Dubai Audiences have certainly changed within the last decade and there is without a doubt a growing demand for authentic, talented high quality live music in region. The young crowd, more familiar with club music now sincerely are interested in a night out accompanied by some Jazz, Funk or Soul. There are only a few venues around for this sort of interaction, including Blue Bar, Oneo Wine Bar and the recent Jazz Pizza Express where regular tuesday Jam Sessions occur. Unfortunately the lack of venues sincerely invested in thriving Jazz and live music poses an issue for local musicians and audiences craving a flourishing scene.

Great musicians either solo or with bands, grace Dubai with their talent and have subsequently contributed to conveying the reality of this music genre to a wider audience. One interesting reality concerning live entertainment in the UAE is the need for Government performance licenses. A music license you ask? Sounds odd but yes indeed that is the reality and these licenses can come at a hefty costs to venues interested in showcasing either local or international acts. Subsequently this makes bookings of solo artists more common, due to the reduced costs and slightly impedes the spirit of collaboration and mutual improvisation core to Jazz. Even so there still continues a hunger for Jazz bands and larger ensembles and the generally the larger more pricey establishments can afford to spot these costs. Audiences usually are not charged for the entertainment only for their meals and drinks, an attractive offer that satisfies both venues and clients. More of these venues are emerging as places to satisfy the hunger for free music and are significant contributors to the popularity of Jazz music in Dubai.

Fair and more often then not substantial fees for musicians encourage them to continue their art and on a monthly basis more new talent arrives in the desert to chase what seems like an oasis of opportunity when compared to other musically competitive regions like Europe and the USA. Subsequently the array of different musical nationalities is vast with artists resident from England, USA, Australia, Canada, Spain, France, Russia, Moldova, Belarus, Mauritius, Lebanon, Iran, India, Sri Lanka and other diverse locations. They all bring their own inspired interpretations to the table that makes for an electric and entertaining array of musical mash-ups.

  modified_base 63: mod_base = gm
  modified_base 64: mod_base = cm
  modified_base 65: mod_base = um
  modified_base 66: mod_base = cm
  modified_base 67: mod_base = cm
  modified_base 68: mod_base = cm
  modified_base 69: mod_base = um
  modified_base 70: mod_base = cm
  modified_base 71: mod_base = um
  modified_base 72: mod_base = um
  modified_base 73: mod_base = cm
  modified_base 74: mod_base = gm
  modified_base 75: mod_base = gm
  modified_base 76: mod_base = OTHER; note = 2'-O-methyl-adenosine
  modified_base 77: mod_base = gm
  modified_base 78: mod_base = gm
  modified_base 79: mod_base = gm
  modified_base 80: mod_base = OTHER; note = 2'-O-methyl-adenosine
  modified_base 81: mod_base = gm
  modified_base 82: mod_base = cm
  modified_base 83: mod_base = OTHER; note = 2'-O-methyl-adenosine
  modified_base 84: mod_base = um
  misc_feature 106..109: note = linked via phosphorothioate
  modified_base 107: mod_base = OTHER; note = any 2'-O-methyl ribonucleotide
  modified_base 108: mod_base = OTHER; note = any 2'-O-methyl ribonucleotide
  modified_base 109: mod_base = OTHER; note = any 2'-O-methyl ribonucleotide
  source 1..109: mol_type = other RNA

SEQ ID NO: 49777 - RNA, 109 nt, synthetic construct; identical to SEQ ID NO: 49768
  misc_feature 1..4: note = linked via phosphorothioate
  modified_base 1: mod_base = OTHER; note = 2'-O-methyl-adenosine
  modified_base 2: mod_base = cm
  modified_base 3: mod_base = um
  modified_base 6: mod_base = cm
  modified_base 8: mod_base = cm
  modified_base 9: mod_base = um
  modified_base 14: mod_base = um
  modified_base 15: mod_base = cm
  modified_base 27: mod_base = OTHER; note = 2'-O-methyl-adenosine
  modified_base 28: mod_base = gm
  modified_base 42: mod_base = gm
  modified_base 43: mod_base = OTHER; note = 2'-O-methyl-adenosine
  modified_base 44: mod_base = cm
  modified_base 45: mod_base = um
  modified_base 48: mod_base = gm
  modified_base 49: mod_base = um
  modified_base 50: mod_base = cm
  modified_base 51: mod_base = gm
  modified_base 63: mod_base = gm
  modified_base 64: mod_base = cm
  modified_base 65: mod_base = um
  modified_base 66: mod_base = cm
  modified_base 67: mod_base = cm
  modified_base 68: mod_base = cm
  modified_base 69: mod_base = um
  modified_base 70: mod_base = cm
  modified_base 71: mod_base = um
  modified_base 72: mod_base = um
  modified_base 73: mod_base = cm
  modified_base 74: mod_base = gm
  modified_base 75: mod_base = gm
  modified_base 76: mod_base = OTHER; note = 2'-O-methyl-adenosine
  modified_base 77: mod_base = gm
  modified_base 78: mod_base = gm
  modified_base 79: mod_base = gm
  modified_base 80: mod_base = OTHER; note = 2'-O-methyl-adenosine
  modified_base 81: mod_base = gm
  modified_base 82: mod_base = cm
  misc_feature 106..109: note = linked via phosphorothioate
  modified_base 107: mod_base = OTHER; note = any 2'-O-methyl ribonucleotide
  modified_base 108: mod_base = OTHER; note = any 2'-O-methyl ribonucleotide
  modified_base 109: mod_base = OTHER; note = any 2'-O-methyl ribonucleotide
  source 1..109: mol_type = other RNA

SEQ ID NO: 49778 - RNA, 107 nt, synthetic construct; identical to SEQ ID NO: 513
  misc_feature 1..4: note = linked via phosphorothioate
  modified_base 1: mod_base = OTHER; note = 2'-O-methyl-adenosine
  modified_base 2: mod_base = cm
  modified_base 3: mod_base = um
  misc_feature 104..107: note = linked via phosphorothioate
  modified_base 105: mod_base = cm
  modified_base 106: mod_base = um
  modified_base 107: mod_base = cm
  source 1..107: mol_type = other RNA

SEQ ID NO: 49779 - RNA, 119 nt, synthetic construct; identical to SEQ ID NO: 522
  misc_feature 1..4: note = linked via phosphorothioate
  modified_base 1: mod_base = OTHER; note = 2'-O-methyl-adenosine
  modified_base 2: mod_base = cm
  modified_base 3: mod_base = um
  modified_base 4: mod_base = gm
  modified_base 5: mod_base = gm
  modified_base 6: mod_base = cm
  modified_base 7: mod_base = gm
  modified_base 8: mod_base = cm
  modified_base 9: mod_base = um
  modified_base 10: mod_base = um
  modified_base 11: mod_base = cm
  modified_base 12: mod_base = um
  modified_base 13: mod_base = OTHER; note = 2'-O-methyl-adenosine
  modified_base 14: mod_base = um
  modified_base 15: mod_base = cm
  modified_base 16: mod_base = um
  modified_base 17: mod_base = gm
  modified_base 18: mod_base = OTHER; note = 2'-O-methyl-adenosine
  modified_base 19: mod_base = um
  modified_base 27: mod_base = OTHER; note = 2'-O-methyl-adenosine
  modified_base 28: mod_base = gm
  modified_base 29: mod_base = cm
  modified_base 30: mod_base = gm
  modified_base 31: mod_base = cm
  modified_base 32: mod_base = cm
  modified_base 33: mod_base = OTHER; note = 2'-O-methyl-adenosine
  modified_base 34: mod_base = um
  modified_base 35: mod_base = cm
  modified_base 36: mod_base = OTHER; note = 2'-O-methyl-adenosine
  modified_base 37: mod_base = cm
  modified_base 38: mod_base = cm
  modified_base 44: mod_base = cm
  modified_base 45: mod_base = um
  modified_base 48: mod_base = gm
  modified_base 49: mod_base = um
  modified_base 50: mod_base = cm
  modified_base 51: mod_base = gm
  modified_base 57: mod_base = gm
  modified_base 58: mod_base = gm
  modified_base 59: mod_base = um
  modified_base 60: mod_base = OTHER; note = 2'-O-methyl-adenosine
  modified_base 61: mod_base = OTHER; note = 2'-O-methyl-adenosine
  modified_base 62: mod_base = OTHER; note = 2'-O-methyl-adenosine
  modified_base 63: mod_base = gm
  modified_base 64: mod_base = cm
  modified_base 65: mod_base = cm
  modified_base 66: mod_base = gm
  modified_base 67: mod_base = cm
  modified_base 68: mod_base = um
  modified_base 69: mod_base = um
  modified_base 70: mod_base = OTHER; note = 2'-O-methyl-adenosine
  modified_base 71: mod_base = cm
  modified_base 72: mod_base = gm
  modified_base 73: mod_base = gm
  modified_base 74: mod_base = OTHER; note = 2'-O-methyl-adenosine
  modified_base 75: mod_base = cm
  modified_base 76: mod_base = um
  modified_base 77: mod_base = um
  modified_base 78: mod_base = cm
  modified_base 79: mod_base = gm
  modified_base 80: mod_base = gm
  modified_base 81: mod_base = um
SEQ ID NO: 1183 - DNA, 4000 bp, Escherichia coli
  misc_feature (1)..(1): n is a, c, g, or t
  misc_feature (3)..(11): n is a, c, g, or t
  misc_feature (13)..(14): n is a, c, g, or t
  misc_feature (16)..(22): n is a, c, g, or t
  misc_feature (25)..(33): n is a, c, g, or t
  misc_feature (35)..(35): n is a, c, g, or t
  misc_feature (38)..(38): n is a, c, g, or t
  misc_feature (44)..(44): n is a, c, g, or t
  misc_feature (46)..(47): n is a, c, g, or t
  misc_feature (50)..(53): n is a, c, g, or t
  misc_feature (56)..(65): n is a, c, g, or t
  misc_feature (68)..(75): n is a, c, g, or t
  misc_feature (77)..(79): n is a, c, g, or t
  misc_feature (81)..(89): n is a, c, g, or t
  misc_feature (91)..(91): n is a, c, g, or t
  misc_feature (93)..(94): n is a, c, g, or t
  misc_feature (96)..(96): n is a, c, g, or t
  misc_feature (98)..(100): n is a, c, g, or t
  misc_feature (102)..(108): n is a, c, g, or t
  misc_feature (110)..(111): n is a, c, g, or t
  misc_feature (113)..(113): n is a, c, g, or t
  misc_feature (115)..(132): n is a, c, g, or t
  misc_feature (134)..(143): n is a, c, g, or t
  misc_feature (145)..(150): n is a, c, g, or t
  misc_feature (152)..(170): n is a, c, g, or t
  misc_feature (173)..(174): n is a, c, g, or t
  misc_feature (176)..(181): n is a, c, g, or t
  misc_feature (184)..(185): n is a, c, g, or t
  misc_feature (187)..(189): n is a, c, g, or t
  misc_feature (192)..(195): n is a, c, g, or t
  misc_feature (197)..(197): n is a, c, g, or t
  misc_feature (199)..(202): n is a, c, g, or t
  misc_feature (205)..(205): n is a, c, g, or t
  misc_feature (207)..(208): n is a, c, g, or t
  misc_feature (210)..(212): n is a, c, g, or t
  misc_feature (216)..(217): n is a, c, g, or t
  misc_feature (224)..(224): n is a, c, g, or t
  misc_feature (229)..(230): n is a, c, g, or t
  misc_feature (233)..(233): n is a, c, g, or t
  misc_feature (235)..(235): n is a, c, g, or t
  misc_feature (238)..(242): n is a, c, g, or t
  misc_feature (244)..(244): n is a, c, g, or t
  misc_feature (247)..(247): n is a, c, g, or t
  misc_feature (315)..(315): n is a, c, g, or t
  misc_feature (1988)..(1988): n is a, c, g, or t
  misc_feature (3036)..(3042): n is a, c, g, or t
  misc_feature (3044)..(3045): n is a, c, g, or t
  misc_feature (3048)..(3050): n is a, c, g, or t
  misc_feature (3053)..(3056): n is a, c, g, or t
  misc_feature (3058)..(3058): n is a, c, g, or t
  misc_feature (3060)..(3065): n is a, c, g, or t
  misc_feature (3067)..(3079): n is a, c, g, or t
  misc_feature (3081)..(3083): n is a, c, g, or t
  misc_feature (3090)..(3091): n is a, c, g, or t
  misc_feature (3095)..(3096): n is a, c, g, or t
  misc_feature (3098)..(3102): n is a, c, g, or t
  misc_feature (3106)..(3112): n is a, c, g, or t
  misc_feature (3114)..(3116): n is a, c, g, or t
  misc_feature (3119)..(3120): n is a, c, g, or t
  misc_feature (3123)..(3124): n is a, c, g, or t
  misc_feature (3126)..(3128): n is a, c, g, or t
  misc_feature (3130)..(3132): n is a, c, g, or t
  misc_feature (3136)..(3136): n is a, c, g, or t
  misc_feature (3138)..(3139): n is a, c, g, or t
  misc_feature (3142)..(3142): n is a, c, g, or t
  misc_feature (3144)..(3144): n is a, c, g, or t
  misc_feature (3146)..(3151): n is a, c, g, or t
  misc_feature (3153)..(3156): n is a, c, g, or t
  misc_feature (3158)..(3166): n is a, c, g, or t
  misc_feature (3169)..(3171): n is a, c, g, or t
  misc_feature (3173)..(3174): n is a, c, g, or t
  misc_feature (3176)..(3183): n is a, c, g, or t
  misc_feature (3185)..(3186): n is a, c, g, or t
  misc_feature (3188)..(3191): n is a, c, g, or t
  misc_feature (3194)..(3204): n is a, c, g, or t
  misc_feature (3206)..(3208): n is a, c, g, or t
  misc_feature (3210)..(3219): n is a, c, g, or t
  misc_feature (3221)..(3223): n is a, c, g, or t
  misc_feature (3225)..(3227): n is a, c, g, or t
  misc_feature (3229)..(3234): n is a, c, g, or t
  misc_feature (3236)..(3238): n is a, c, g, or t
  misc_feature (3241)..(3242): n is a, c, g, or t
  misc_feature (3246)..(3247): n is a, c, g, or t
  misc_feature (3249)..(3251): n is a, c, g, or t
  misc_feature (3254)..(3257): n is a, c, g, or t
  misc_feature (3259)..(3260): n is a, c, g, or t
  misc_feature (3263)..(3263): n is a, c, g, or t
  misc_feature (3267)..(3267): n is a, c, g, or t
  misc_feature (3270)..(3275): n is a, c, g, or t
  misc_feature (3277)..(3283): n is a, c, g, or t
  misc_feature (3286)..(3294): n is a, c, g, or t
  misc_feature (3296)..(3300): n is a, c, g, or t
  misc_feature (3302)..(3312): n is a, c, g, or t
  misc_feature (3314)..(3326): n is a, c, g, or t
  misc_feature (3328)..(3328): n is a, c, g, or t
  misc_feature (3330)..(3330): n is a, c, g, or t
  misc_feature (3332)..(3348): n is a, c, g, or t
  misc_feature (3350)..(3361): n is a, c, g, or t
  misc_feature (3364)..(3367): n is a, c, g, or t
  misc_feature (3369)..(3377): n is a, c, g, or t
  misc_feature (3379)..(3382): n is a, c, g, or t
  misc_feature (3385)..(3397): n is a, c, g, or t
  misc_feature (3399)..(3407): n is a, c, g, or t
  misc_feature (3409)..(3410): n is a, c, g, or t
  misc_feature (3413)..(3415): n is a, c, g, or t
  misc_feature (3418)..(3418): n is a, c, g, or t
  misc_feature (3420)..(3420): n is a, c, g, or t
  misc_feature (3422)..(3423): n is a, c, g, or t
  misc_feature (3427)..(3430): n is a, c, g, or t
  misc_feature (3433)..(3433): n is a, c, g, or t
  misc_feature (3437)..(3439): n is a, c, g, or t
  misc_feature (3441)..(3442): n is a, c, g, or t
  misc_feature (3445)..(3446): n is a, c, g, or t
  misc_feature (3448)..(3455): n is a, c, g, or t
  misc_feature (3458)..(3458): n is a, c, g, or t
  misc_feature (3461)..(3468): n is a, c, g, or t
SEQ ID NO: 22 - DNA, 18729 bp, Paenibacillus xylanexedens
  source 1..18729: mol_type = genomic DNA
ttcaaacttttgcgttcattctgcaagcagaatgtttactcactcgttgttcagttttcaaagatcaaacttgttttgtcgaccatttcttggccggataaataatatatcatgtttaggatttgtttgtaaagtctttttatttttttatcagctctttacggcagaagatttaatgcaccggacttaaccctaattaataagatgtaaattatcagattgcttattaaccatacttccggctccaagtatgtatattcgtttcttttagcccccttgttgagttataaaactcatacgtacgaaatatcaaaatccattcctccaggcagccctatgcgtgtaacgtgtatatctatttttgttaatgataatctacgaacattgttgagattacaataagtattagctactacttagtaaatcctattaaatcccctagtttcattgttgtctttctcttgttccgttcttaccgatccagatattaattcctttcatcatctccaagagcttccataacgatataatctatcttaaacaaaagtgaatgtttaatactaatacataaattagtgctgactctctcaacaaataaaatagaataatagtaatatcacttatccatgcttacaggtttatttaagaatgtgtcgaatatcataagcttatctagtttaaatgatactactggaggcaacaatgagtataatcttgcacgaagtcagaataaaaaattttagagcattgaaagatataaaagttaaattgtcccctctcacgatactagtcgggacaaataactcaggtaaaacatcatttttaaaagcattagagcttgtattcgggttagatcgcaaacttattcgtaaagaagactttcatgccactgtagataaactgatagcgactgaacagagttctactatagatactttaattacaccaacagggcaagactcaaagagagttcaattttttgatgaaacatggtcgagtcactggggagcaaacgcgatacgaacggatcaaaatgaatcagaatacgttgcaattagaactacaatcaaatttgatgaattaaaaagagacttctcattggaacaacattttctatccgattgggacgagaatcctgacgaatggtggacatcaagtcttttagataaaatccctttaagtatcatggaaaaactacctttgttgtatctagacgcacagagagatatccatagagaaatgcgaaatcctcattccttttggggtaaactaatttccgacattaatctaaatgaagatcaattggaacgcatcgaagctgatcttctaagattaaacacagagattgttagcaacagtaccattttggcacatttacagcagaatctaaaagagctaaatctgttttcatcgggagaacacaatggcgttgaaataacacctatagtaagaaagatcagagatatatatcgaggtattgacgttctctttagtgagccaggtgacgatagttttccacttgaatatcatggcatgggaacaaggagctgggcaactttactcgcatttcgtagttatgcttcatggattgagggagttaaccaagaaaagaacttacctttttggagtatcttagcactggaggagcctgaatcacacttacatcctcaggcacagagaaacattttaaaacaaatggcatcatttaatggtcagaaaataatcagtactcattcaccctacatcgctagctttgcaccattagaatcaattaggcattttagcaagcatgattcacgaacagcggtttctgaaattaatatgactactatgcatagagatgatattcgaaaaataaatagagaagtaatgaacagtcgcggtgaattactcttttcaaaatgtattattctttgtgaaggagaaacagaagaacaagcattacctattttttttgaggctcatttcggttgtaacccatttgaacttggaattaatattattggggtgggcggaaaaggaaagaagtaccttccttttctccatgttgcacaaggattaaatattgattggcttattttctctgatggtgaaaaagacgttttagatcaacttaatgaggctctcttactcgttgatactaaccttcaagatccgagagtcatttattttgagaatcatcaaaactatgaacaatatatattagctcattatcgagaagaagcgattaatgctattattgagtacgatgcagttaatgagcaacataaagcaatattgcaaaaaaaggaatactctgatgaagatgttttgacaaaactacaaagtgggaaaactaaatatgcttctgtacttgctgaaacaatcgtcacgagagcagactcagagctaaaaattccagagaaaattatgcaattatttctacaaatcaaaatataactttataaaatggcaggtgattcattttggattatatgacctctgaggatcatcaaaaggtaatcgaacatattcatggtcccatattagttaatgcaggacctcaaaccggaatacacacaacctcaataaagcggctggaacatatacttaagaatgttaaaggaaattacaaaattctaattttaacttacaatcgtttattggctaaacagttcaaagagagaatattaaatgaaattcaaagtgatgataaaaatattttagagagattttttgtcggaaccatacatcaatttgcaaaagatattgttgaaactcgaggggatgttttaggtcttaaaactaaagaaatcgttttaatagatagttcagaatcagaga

So where can the Jazz Music Scene go from here? The beauty of Dubai in regards to entertainment lies in its diverse demographic of expatriates and tourists engaged in the local nightlife. Since generally residents in Dubai have more of a disposable income, compared to if they were in their home countries it is not uncommon for them to regularly eat out at restaurants, visit bars and clubs and attend concerts and events. The bottom line is, they work hard and when they get the chance, they want some down time and entertainment. With the advent of the Dubai 2020 Expo the city has begun further expansion and development in preparation. The possibility for more live music venues interested in supporting and showcasing local Jazz has never been more then now. The city desires more quality music and with the international Jazz musicians flocking to the UAE there is no reason why quality live Jazz can’t thrive. With the Government now officering reduced ‘special’ entertainment licensing for pursuits that encourage cultural development and diversity its looking good for live music in Dubai.

The reality is Dubai is developing. As the roads are built, buildings get higher and more luxury hotels arrive there is a cultural evolution occurring. Dubai may not yet be the epicentre of Jazz in the world but it is without a doubt the epicentre of Jazz in the Middle East.